The Appalachian Regional Reforestation Initiative’s Science Team has just published two new Forest Reclamation Advisories.
Reforestation to Enhance Appalachian Mined Lands as Habitat for Terrestrial Wildlife:
Surface mining is widespread throughout the Appalachian coalfield, a region with extensive forests that are rich in wildlife. Game species for hunting, non-game wildlife species, and other organisms are important contributors to sustainable and productive ecosystems. Although small breaks in the forest canopy are important to wildlife diversity, most native Appalachian wildlife species require primarily forested habitats. This Forest Reclamation Advisory provides guidance on reforestation practices to provide high quality habitat for native forest wildlife on Appalachian coal mines.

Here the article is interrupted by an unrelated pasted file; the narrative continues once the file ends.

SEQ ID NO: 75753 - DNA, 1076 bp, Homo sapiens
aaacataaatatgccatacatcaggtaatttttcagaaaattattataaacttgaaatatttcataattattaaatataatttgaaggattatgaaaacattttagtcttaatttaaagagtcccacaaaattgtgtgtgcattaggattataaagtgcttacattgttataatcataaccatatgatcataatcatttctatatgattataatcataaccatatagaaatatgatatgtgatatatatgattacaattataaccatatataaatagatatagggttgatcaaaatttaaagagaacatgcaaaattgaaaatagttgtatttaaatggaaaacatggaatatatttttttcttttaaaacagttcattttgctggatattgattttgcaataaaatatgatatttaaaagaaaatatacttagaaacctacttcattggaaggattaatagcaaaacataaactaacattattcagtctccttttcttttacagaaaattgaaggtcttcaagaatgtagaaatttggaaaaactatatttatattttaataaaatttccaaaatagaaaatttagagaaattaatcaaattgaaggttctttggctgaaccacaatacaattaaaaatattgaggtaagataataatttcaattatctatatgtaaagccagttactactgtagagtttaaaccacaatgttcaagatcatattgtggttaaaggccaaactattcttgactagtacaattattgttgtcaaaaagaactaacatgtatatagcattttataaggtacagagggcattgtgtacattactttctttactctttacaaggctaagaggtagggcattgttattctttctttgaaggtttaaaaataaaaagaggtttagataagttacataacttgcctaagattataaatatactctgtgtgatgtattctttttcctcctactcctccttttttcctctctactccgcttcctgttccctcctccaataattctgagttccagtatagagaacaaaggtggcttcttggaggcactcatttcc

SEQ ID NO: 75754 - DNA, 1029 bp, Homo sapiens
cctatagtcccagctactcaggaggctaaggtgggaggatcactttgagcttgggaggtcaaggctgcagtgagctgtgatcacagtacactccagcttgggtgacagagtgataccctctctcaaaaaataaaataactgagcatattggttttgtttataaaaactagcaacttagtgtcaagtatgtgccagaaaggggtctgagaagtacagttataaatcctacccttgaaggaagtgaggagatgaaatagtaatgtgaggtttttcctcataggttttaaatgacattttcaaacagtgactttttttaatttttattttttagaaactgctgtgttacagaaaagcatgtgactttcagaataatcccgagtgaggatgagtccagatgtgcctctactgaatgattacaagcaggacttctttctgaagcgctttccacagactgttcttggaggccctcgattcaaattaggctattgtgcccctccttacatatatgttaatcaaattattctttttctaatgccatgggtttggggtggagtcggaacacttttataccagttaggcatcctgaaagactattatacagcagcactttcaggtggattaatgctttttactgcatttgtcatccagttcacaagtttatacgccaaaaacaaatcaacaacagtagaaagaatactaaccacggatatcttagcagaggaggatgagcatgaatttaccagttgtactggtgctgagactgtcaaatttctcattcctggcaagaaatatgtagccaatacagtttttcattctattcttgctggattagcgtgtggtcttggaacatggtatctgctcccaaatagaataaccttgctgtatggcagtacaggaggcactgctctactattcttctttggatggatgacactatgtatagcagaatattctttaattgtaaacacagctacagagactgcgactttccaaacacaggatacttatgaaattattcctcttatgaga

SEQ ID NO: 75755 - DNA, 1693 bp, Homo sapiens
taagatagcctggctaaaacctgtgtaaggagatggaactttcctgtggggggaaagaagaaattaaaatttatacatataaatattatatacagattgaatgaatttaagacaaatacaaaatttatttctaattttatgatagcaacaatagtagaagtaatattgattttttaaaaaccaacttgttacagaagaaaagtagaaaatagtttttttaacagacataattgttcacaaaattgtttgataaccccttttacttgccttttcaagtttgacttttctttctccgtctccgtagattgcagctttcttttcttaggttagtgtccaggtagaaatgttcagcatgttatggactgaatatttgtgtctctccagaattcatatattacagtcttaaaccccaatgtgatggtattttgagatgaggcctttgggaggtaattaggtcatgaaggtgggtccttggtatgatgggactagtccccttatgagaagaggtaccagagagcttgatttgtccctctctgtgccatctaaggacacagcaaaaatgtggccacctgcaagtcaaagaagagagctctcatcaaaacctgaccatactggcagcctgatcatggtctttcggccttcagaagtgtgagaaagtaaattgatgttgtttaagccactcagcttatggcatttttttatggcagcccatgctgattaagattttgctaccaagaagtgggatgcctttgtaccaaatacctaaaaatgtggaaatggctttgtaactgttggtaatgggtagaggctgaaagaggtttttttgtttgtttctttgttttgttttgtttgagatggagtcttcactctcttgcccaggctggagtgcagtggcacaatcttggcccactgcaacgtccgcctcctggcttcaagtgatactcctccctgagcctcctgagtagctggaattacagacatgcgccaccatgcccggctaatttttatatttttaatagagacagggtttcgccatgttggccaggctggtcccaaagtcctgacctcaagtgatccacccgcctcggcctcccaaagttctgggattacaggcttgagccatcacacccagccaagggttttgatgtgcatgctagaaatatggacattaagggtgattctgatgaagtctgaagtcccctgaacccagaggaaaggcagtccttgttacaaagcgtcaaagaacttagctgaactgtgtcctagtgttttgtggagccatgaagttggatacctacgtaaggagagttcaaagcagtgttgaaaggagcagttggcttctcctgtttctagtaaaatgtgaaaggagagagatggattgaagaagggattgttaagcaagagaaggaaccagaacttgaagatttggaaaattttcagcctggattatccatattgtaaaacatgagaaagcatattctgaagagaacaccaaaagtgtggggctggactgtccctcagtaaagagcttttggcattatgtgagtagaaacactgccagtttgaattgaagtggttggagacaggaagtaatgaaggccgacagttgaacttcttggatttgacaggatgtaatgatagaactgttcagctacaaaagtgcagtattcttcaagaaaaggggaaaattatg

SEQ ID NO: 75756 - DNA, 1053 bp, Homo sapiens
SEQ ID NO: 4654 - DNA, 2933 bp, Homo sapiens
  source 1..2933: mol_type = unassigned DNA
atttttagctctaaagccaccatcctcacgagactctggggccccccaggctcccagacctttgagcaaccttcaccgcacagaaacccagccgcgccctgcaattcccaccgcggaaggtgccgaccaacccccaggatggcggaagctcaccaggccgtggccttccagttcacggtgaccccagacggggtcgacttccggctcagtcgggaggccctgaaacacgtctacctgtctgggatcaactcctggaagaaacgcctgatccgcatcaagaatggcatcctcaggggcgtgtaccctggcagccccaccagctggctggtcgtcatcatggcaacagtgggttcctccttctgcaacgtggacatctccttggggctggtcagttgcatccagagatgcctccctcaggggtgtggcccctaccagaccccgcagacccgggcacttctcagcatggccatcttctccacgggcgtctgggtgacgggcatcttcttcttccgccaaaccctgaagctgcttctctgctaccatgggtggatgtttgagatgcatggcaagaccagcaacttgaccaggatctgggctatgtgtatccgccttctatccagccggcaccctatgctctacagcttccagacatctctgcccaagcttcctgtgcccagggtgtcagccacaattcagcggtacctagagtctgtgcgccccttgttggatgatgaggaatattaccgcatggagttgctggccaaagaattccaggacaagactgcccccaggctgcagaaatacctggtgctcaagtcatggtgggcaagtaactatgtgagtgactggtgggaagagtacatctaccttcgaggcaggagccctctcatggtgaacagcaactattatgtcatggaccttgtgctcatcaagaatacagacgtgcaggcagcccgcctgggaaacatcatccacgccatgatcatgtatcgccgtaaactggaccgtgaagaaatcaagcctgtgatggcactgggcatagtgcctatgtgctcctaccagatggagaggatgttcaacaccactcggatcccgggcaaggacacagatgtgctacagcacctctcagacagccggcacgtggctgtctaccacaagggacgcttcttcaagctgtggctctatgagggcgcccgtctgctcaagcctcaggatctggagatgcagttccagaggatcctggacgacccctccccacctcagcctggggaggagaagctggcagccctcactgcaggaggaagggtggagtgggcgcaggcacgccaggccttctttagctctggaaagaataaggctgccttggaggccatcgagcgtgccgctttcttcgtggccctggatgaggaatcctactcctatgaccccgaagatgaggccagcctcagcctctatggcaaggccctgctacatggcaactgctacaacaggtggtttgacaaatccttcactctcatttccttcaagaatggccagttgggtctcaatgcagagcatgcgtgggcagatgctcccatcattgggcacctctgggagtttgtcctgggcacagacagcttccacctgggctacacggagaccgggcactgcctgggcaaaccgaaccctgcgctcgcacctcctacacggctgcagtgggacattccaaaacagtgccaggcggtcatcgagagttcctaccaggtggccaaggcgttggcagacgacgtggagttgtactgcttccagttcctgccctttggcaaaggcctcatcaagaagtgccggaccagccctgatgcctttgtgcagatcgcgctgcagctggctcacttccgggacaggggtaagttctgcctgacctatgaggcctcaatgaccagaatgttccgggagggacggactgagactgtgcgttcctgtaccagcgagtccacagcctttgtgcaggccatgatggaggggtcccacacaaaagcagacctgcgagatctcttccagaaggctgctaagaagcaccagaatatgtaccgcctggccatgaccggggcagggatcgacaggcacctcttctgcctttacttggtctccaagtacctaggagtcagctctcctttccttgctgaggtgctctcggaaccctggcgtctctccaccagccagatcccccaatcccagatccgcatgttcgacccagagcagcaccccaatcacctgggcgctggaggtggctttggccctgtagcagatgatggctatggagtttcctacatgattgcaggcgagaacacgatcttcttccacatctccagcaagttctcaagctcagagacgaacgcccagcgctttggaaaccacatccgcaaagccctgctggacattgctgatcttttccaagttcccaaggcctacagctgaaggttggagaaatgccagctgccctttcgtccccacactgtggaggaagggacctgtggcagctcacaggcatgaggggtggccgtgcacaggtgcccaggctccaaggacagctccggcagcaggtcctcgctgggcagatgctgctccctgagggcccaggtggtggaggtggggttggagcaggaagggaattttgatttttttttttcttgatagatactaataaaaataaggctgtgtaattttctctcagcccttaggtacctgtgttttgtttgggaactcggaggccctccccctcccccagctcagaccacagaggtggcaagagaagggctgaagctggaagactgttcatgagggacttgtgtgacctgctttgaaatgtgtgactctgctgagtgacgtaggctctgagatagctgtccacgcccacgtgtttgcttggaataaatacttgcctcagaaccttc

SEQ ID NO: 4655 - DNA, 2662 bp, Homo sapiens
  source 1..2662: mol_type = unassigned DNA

Establishing Native Trees on Legacy Surface Mines
More than one million acres have been surface mined for coal in Appalachia. Today, much of this land is unmanaged, unproductive, and covered with non-native plants. Establishing productive forests on such lands will aid restoration of ecosystem services provided by forests – services such as watershed protection, water quality enhancement, carbon storage and native wildlife habitat — and will enable mined lands to produce valued products such as commercial timber. This Advisory describes practices for establishing native forest trees on lands that were surface mined for coal and reclaimed to meet legal standards, and where the mine operator no longer has any legal responsibilities. These lands often differ from their pre-mining condition with respect to topography, soils, water resource influences, and vegetation.